Revenue for the first nine months of 2004 totaled slightly over $7.0 billion, compared with the $7.3 billion in revenue reported for all 2003. Based on these numbers, 2004 could be a record year, beating the previous $8.0 billion revenue record reported in 2000, according to Pete Petrusky, director of advisory services at PwC.

The third-quarter figures are an estimate, based on aggregated data from the top 15 online ad sellers. These results were extrapolated to calculate the total estimated industry revenue figure. Actual Q3 results will be appear in PwC’s full report, expected in Spring 2005.’



Read more at Report: Internet Ad Spending Hits New Heights

These Traffic Numbers Are Real

‘Mention “audit” to David Barlin, vice president of marketing for I/Pro, a company that verifies audience data for about 500 small and medium-sized websites, and he practically gushes.

“They’re exciting,” he said, not at all defensively. “Really.”

That’s because he and the company he works for see a potential gold mine in independently auditing the traffic for all the sites that are not Google, Yahoo or MSNBC — the tens of thousands (if not hundreds of thousands) of commercial websites dedicated to niche subjects like business-to-business, chemical engineering, software development and online publishing. Since fans of these types of sites rarely make it to the mass portals, advertisers have been clamoring for ways to reach them.

Of course, Yahoo is fine if you want to peddle mass consumer items like, say, camera phones, vacation getaways and the latest Hollywood offering. But if you want to sell a new type of chip, manufacture routers or market a B-to-B website, you need to go straight to the people most likely to buy your product. To figure out whether a certain site will give a sufficient return on advertising, however, requires accurate traffic forecasts, something that has been lacking.’

Read more at Wired News: These Traffic Numbers Are Real

Minkmedia Launches UK Blog Network

Minkmedia is the latest network of Blogs to launch. This one is based in the UK and describes itself as:

‘Mink Media is a nanonpublisher. We publishe a series of weblogs (five so far) aimed at a British audience.



A weblog is a topical website, new stuff appears at the top, and it updates frequently (more than once a day). People are excited about weblogs (or blogs)–we basically think they are fun to read.’

Mink Media is run by Azeem Azhar and Shehnaz Suterwalla

They are offering a few opportunities for advertisers to partner with them – either as a premium sponsor (privately arranging banner ads etc), via Blog Ads or text ads via Adbrite. They are also running Google ads and Amazon affiliateships which is a good idea until they build up a high enough readership to run more premium sponsorships.

They currently have two main blogs running – these being:

- Wanda Lust – a blog about Travel

- Honourabloe Fiend – a blog about politics in Britain

They are open to being approached by bloggers wanting to join their network and I’ve no doubt we’ll see them add new blogs to their two current ones shortly.

Making Money from Blogs – BloggerCon III

I wish I were able to get to BloggerCon III – the Making Money session sounds particularly interesting as reported on PaidContent.org. Here are a few of the quotes that they quote that I find of most interest:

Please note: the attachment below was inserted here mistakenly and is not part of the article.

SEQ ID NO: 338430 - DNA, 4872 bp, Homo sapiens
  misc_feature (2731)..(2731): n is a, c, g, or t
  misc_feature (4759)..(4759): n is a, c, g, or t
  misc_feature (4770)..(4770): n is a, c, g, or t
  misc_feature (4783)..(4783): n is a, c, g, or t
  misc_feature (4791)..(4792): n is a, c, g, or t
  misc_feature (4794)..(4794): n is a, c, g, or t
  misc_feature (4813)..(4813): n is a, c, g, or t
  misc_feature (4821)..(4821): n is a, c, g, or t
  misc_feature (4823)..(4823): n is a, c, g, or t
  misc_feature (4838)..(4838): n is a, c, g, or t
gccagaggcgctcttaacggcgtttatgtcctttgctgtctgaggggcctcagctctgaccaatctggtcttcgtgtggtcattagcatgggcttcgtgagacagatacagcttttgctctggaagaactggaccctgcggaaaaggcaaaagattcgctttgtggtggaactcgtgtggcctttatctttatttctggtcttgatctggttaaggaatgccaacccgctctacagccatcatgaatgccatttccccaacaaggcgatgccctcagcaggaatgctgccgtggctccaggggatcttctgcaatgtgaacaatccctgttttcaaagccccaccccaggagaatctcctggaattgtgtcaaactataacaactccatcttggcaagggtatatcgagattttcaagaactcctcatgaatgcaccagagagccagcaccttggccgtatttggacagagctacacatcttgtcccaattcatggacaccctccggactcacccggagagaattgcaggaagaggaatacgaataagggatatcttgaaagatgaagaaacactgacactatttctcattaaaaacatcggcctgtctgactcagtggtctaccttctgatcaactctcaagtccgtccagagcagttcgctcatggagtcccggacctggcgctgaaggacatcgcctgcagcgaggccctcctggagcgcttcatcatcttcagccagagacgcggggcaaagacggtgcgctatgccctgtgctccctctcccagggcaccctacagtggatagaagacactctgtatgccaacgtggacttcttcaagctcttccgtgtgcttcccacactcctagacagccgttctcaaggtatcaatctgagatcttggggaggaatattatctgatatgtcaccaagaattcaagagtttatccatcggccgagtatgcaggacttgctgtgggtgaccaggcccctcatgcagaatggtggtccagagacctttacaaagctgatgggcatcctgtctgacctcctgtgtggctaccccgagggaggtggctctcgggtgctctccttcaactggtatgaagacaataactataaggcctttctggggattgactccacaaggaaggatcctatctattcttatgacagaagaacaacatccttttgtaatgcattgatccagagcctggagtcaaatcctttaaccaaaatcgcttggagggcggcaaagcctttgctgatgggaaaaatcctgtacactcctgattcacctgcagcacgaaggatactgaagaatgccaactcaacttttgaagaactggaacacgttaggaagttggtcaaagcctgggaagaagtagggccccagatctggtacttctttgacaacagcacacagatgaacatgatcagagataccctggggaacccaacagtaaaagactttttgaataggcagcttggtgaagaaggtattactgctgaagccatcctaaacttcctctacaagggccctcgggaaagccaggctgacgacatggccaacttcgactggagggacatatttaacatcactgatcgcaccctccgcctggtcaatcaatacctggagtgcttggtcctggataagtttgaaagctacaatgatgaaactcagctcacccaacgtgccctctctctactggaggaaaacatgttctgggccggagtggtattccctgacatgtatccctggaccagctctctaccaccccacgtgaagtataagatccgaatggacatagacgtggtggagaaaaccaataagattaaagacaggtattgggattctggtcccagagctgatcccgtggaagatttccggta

– “One sure way to make money — provide infrastructure to people like me.”
– to make money from Google, “try to be as small and niche-like as possible.”
– Dave Winer wants to know why we’re talking about nickels and dimes instead of the real money that can be made by creating business because of your blog, with people you meet through the blog, with ideas that bubble up through the blog? He says he flips hundreds of thousands of dollars through his blog.
– An author says he can make twice as much referring his book through Amazon then from the royalty.
– “If you want to make money from blogging maybe it’s not your personal blog that’s going to do it.”

Read more at PaidContent.org’s coverage of BloggerCon III

update – a few of other bloggers are also covering this session at:
- RConversation
- Roland Tanglao’s Weblog
- John Furrier

Paying bloggers: Participating in the conversation

There is a couple of interesting articles the last few days on the topic of blogging for dollars starting over at Red Herring Blog who is writing about Paying bloggers: Participating in the conversation. He’s got some helpful things to say on the topic and suggests a way forward:

‘Pay bloggers for feeds of their sites that are aggregated to topical blogs hosted by a sponsor. For example, if a snack food maker wants to have a blog, fill it with postings provided by food enthusiasts. Any number of companies are in the position to fulfill this role in the market. By hosting the comment sections for the aggregated blogs, these companies would provide sponsors the ability to participate in the conversation without necessarily intruding on the source blogs’ discussions.’

Then also at Raving Lunacy where the topic is Blogvertising is probably a zero sum game who seems to like the idea of blogging for money but can’t see it working. He writes:

‘One of the latest ideas floating around the blogsphere is getting paid for blogging. This idea was kicked of by a post by Marc Canter whose proposition is that there is this enormous pool of money out there that bloggers can get a slice of by promoting products. This is a silly idea and doomed to failure.